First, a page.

Alex Trebek on Cancer Battle: "My Oncologist Tells Me I'm Doing Well"
The 'Jeopardy' host talked about his health struggles and the support he's received from fans in his first live interview since revealing his diagnosis.
In his first live interview since revealing he was diagnosed with stage 4 pancreatic cancer, Jeopardy host Alex Trebek updated viewers on his health and shared his appreciation for the support he's received from fans.
Trebek told Good Morning America's Robin Roberts that he's getting positive medical feedback even though he doesn't always feel so good.
"My oncologist tells me I'm doing well, even though I don't always feel it," he said on Wednesday's GMA. "I've had kidney stones; I've had ruptured discs, so I'm used to dealing with pain, but what I'm not used to dealing with are the surges that come on suddenly of deep, deep sadness, and it brings tears to my eyes."
"I've discovered in this whole episode, ladies and gentlemen, that I'm a bit of a wuss. But I'm fighting through it. My platelets, my blood counts are steady, my weight is steady. … The cancer indicators, those are coming down. So I've got another chemo next week, and then we'll do a review to find out where things stand," he said.
Joking that he timed his diagnosis with the end of the Jeopardy season, which recently wrapped, Trebek said he was hoping he could regain his strength over the hiatus so that he could return, as planned, for his 36th season as host.
"Now I have the summer months to recuperate and get strong again. I just have to get strong because, as you know, the chemo takes it out of you," Trebek told Roberts, a fellow cancer survivor. "I mean I feel so weak all the time, and that's not a good way to be."
Roberts told viewers that when Trebek arrived at the GMA studio he was in good spirits, cracking jokes, and she asked how his positive outlook has affected him dealing with this disease.
"I just take it as it comes," he said. "It's no big deal. I go in [for chemo] and I sit down; I joke with the nurses. And I'm there for an hour and a half while they inject all of this stuff into me and then I go home and I have a good day, and then the next day, for no reason that I can fathom, it turns south on me. But that's OK. You have to deal with it. What am I going to do? It is something that I'm afflicted with; we are dealing with it chemically and spiritually and those are positives. And hopefully everything is going to turn out well, and I'll be back on the air with original programming come this September."
Trebek said he was also encouraged by the outpouring of public support he's received since going public with his diagnosis in March. "I've had so many contacts from people who have survived cancer for 10 years, 12 years, 14 years. I am now a 30-day cancer survivor. I'm going to catch up to those other people."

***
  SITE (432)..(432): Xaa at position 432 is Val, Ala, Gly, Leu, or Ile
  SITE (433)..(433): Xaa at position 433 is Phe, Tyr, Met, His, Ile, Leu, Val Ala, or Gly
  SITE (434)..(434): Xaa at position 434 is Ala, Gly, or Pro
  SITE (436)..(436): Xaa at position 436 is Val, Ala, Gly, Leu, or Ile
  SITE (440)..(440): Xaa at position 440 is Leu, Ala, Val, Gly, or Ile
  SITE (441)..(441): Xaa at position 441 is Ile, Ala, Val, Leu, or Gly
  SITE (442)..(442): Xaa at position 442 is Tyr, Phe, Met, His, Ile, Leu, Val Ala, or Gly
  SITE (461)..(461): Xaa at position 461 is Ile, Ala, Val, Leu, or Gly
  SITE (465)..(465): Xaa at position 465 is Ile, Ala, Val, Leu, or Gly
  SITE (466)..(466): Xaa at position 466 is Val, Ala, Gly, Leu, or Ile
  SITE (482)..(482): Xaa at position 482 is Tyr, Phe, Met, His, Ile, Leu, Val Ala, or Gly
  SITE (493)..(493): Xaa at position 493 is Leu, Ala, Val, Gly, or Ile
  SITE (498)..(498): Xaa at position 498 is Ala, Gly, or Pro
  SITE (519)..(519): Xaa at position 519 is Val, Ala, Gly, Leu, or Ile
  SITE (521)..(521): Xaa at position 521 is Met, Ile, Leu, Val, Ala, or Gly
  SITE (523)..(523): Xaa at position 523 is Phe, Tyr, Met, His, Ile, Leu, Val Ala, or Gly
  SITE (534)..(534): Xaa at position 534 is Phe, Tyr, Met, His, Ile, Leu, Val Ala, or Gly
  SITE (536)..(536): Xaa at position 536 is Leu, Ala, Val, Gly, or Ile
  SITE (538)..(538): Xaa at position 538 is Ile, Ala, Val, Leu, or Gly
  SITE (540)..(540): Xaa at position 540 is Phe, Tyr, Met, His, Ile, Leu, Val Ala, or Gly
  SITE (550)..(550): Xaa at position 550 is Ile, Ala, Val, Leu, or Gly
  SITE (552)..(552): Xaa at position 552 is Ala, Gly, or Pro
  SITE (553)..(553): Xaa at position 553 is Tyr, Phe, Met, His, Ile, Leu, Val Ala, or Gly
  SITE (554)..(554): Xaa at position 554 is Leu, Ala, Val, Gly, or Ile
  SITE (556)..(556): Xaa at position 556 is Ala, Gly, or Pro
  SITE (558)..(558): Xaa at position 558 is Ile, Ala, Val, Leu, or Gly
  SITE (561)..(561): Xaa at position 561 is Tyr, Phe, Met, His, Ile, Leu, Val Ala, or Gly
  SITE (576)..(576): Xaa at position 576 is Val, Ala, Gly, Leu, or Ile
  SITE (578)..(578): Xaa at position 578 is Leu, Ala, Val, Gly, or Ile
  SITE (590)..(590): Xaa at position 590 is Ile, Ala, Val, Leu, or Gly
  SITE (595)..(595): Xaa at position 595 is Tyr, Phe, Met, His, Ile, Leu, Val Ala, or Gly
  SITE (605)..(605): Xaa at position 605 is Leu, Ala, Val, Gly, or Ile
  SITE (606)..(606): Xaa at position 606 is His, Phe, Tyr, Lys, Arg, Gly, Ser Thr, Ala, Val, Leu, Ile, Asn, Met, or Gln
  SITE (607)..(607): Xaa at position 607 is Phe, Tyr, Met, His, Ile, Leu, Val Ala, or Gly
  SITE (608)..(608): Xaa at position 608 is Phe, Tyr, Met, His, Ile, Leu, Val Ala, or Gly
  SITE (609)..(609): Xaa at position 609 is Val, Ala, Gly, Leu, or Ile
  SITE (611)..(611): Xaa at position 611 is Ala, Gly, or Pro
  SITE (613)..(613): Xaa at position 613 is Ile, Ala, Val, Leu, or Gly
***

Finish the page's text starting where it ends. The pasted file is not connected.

"People all over America have been sharing their good thoughts, their advice, their prayers," he said. "And I feel it is making a difference in my well-being."
And he said, toward the end of the interview, that he's grateful he's been able to hear what a positive impact he's had on other people while he's still living.
"I have learned [through this experience] that I'm an extremely lucky individual because in spite of the fact that this diagnosis is not a good one, I have managed to receive so much love from so many people," Trebek said. "And quite often you don't get that during your lifetime. After you're passed, after you're dead, people say, 'Oh, he was such a good guy. We really liked him.' But I'm getting that all before that event, so it makes me feel really, really good."
Trebek also spoke about record-breaking Jeopardy champ James Holzhauer, calling his run "exciting and fun" and sharing that he's caught up in the phenomenon.
"I watch it every night,' Trebek said. "He has forced me to change a view that I have held for many years, and that is that the Ken Jennings record would never be broken. But I look at James and I say, 'Oh my gosh, look at what he's doing.' Now, winning a lot of money on Jeopardy is not that difficult, if you hit the daily doubles and you're good, you're responding to those clues by yourself. But winning 74 games in a row, that's the tough part, and that's what America should be concentrating on right now. Is James going to — he's at a million and a half already, twice as fast as Ken Jennings did and when you look at his performance, he has no weaknesses. … He knows how to play the game. … He has a strategy."
Trebek explained that if Holzhauer wins tonight, he'll tie Julia Collins' record for the second-highest number of wins.
Two weeks ago, Trebek updated viewers on his health via a video message from the set of the long-running game show. There, he said he was "feeling good" and thanked fans for their support.
"I've always tried to be straight with you and I'm not going to stop now, so despite what you may have heard, I'm feeling good. I'm continuing with my therapy and we — by we, the staff — is already working on our next season," he said. "So I look forward to seeing you once again in September with all kinds of good stuff."
When Trebek first revealed his diagnosis in March, again via video from the Jeopardy set, he said he was going to "fight" the disease, aiming to "beat the low survival rate statistics."
"If anyone can beat this, it's Alex," said Mike Hopkins, chairman of Jeopardy producer Sony Pictures TV. "He has our full support as he tackles this challenge head-on."
Trebek has hosted Jeopardy since its current iteration debuted in 1984. He has won five Daytime Emmy awards for outstanding game show host and received a lifetime achievement award in 2011. His contract has been extended through 2022 and syndicator CBS Television Distribution has renewed Jeopardy and Wheel of Fortune, the hosts of which are also signed through 2022, through the 2022-2023 season.